Eth­i­cal av­enues a grow­ing seg­ment

The Weekend Australian - Review - - Investments - Mike Hanley

ARE you the kind of per­son who re­cy­cles? Cy­cles to work? Turns off the lights when you are not in the room? In short, do you care about the world around you and the state you will leave it in for the next gen­er­a­tion?

Com­post­ing and darn­ing socks is one thing, but what of your in­vest­ment port­fo­lio or your su­per­an­nu­a­tion? Do you know whether it is work­ing for the things you be­lieve in, or do you just hand it over to the in­vest­ment com­pany — set and for­get’’?

How do you know your su­per­an­nu­a­tion money is not be­ing in­vested in, say, to­bacco, gam­bling or weapons man­u­fac­ture? If you are con­cerned about cli­mate change, how do you know that your sav­ings are not fi­nanc­ing new coal- fired power sta­tions?

If you’re con­cerned about th­ese is­sues, you are not alone. There is an en­tire in­vest­ment in­dus­try out there cater­ing to those, like you, who want to leave the world a bet­ter place, and want their money to do some of the work for them. And it is grow­ing fast. Ac­cord­ing to the Re­spon­si­ble In­vest­ment As­so­ci­a­tion Aus­trala­sia, re­spon­si­ble in­vest­ment port­fo­lios grew by 43 per cent in the 2007 fi­nan­cial year to $ 19.39 bil­lion — more than twice as fast as the in­vest­ment in­dus­try as a whole.

The mar­ket­place is def­i­nitely gain­ing trac­tion,’’ says David Buck­land, CEO of Hunter Hall In­vest­ment Man­age­ment, a man­ager of six eth­i­cal funds. I think bet­ter- ed­u­cated Aus­tralians, par­tic­u­larly younger ex­ec­u­tive fe­males, are be­com­ing very in­ter­ested in where their money is in­vested.’’

There have been a num­ber of fac­tors that have boosted the profile of eth­i­cal in­vest­ment man­age­ment over the last few years, says Buck­land. Th­ese in­clude the sev­enyear drought, Al Gore’s In­con­ve­nient Truth and Aus­tralia’s rat­i­fi­ca­tion of the Ky­oto Pro­to­col with the change of Gov­ern­ment late last year, as well as the high profile Sea Shep­herd whal­ing story that dom­i­nated head­lines ear­lier this year.

Five or 10 years ago, th­ese is­sues weren’t on the front pages, but now you can’t ig­nore them.’’

With this whole­sale rais­ing of con­scious­ness has come a flood of in­vest­ment funds into the re­spon­si­ble in­vest­ment sec­tor. Buck­land’s busi­ness is twice the size it was four years ago, and the coun­try’s largest eth­i­cal in­vest­ment fund, the AMP Cap­i­tal Sus­tain­able Share Fund, has dou­bled each year for the last three years to about $ 2.3 bil­lion to­day.

Michael An­der­son, di­rec­tor of Al­pha Sus­tain­able Funds at AMP Cap­i­tal In­vestors, says this growth has been driven as much by in­vestors seek­ing re­turn as well as the eth­i­cal pay- off in­vest­ing in a re­spon­si­ble fund of­fers them.

Over the last five years, to the end of last year, we have been in the top quar­tile of in­vest­ment funds in Aus­tralia,’’ he says,

be­cause the way we in­te­grate en­vi­ron­men­tal, so­cial and gov­er­nance per­for­mance into our fi­nan­cial anal­y­sis seems to pro­vide a bet­ter eval­u­a­tion of the stock.’’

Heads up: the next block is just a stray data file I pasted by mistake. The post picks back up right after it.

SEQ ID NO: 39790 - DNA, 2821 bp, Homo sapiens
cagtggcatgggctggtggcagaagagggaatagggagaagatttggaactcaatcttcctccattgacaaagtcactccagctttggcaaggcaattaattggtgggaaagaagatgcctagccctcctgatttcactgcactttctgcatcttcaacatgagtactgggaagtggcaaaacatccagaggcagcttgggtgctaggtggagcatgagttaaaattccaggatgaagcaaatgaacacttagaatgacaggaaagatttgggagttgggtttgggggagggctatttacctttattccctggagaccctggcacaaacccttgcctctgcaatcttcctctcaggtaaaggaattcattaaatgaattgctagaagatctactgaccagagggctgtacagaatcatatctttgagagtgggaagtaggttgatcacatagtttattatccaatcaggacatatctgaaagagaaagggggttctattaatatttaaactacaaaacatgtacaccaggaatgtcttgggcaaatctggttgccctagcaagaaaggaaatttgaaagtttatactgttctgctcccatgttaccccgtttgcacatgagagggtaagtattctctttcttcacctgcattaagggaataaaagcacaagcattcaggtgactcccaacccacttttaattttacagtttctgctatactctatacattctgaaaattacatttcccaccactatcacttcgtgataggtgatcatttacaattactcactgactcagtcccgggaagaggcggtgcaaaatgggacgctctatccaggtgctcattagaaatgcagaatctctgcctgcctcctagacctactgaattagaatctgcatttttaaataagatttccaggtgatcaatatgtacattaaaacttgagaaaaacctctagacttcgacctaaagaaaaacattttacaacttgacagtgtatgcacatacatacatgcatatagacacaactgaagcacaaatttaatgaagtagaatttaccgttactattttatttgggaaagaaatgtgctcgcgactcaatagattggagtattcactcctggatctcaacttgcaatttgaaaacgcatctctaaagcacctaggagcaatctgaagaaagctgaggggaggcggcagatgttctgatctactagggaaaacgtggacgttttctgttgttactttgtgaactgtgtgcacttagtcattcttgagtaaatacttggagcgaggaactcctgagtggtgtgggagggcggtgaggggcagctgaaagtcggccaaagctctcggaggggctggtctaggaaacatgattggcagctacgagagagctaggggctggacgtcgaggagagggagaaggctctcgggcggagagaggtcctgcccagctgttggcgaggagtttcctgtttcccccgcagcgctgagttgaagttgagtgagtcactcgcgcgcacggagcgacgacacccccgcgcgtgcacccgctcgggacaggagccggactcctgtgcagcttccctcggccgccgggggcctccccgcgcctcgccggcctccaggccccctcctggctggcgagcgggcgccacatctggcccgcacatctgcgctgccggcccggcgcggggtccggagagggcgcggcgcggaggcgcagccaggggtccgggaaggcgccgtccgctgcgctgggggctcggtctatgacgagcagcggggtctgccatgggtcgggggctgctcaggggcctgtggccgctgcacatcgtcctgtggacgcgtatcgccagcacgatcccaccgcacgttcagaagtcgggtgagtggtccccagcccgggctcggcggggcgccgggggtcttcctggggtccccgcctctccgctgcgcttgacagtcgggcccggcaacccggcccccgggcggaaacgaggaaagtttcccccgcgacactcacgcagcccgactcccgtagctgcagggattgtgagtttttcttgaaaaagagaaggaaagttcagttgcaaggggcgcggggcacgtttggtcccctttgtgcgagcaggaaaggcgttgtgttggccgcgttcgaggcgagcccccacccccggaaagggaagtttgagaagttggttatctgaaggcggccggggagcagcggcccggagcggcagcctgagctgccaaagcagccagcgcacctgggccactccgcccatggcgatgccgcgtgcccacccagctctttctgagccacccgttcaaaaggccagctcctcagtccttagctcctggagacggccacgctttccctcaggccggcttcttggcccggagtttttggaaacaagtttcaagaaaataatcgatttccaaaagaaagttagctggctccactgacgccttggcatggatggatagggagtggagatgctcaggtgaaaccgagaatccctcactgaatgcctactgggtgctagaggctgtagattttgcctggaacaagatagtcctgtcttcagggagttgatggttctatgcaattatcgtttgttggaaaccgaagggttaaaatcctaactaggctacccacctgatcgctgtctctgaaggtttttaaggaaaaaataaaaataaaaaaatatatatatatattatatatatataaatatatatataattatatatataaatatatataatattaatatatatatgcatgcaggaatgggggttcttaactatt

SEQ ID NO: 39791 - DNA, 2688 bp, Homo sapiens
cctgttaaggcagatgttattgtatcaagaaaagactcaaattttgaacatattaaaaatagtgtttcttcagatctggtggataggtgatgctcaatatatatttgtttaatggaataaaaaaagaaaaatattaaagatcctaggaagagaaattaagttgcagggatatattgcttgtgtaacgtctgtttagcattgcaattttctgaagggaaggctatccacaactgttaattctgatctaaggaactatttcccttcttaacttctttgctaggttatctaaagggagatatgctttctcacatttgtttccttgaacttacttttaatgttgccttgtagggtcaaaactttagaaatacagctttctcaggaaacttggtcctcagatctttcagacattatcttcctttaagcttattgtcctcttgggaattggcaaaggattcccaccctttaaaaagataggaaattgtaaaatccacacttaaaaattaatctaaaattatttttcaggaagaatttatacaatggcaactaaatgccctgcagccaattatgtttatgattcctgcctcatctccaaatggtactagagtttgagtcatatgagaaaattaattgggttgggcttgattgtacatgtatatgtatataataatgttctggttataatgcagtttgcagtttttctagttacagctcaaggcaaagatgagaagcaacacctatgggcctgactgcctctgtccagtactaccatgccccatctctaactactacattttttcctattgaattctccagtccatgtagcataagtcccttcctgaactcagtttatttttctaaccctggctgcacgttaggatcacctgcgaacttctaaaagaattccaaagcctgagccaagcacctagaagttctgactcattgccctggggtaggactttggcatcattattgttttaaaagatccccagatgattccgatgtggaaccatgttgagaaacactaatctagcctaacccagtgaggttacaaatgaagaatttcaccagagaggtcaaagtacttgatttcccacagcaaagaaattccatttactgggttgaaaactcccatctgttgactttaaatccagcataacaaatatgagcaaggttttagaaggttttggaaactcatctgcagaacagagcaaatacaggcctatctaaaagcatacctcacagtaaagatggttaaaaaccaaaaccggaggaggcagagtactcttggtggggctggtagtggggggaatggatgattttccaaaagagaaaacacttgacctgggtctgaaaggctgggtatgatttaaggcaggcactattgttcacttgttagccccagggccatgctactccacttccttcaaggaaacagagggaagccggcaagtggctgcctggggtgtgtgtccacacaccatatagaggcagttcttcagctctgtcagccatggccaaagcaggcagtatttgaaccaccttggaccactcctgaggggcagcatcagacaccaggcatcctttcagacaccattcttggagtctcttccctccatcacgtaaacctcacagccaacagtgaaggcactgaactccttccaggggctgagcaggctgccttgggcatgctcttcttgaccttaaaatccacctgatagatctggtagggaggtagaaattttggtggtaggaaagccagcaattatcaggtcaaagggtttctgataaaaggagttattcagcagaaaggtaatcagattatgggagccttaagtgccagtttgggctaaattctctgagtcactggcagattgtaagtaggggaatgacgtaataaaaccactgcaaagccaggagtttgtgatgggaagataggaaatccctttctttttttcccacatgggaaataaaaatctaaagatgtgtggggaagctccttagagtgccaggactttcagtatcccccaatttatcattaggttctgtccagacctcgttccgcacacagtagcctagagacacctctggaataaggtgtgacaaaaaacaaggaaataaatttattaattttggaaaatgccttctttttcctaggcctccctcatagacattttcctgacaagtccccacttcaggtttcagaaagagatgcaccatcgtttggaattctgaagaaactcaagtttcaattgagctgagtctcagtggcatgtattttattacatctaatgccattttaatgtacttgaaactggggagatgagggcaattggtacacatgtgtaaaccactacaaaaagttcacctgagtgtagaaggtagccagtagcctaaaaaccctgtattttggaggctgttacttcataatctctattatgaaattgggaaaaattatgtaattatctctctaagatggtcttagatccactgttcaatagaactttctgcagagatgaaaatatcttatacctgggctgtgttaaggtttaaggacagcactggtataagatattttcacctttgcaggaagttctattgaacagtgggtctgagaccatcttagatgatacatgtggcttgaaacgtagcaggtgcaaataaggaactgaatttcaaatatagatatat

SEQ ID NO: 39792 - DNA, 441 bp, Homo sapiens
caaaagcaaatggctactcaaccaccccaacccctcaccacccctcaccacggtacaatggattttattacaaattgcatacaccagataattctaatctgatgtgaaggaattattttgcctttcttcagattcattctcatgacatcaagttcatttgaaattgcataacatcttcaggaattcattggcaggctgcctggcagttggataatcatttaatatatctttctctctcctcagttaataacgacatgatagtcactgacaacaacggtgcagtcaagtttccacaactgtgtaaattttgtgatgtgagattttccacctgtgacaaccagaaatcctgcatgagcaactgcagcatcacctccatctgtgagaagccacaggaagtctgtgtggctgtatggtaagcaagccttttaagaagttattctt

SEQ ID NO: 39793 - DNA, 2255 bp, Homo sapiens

He gives the ex­am­ple of AWB, the wheat ex­porter which was bogged down in cor­rup­tion charges for its con­duct in Iraq sev­eral years ago. It was quite ob­vi­ous that this com­pany op­er­ated in many coun­tries where there was a high like­li­hood of cor­rup­tion — a huge red flag for us. It would have had to demon­strate to us that it had ex­tremely rig­or­ous risk con­trols in place, which it clearly did not.’’ And what of per­for­mance? AMP Cap­i­tal is not alone in pro­vid­ing both good feel­ings and good re­turns. Re­search by the RIAA shows that the av­er­age re­spon­si­ble in­vestor in Aus­tralia is get­ting bet­ter re­turns than those who only look at the money.

In the year prior to June 2007 — be­fore the global fi­nan­cial melt­down kicked in — the av­er­age main­stream in­vest­ment fund earned a 27.41 per cent re­turn, as against the S& P/ ASX 300 in­dex’s 29.21 per cent. But eth­i­cal funds earned on av­er­age 29.1 per cent. Th­ese re­sults were sim­i­lar over longer time pe­ri­ods, says the Re­spon­si­ble In­vest­ment In­dus­try As­so­ci­a­tion.

So the growth in re­spon­si­ble in­vest­ment funds is not only be­ing driven by peo­ple who want to feel good about them­selves, it is also be­ing driven by good old self- in­ter­est.

Still, there is room for growth. In­vest­ment re­search group Morn­ingstar puts Aus­tralia’s to­tal in­vest­ment pool at $ 916.5 bil­lion last June. At just $ 17.1 bil­lion, the eth­i­cal in­vest­ment mar­ket makes up only 1.87 per cent, but it is grow­ing faster than the in­vest­ment pool as a whole — from 1.56 per cent in 2006 and 1.15 per cent in 2005.

But, says Hunter Hall’s David Buck­land, with all in­vest­ment mar­kets in a state of flux, eth­i­cal in­vest­ment man­agers will find it as dif­fi­cult as their main­stream com­pe­ti­tion to at­tract money at all th­ese days.

Ev­ery­one, it seems, wants to hold cash.

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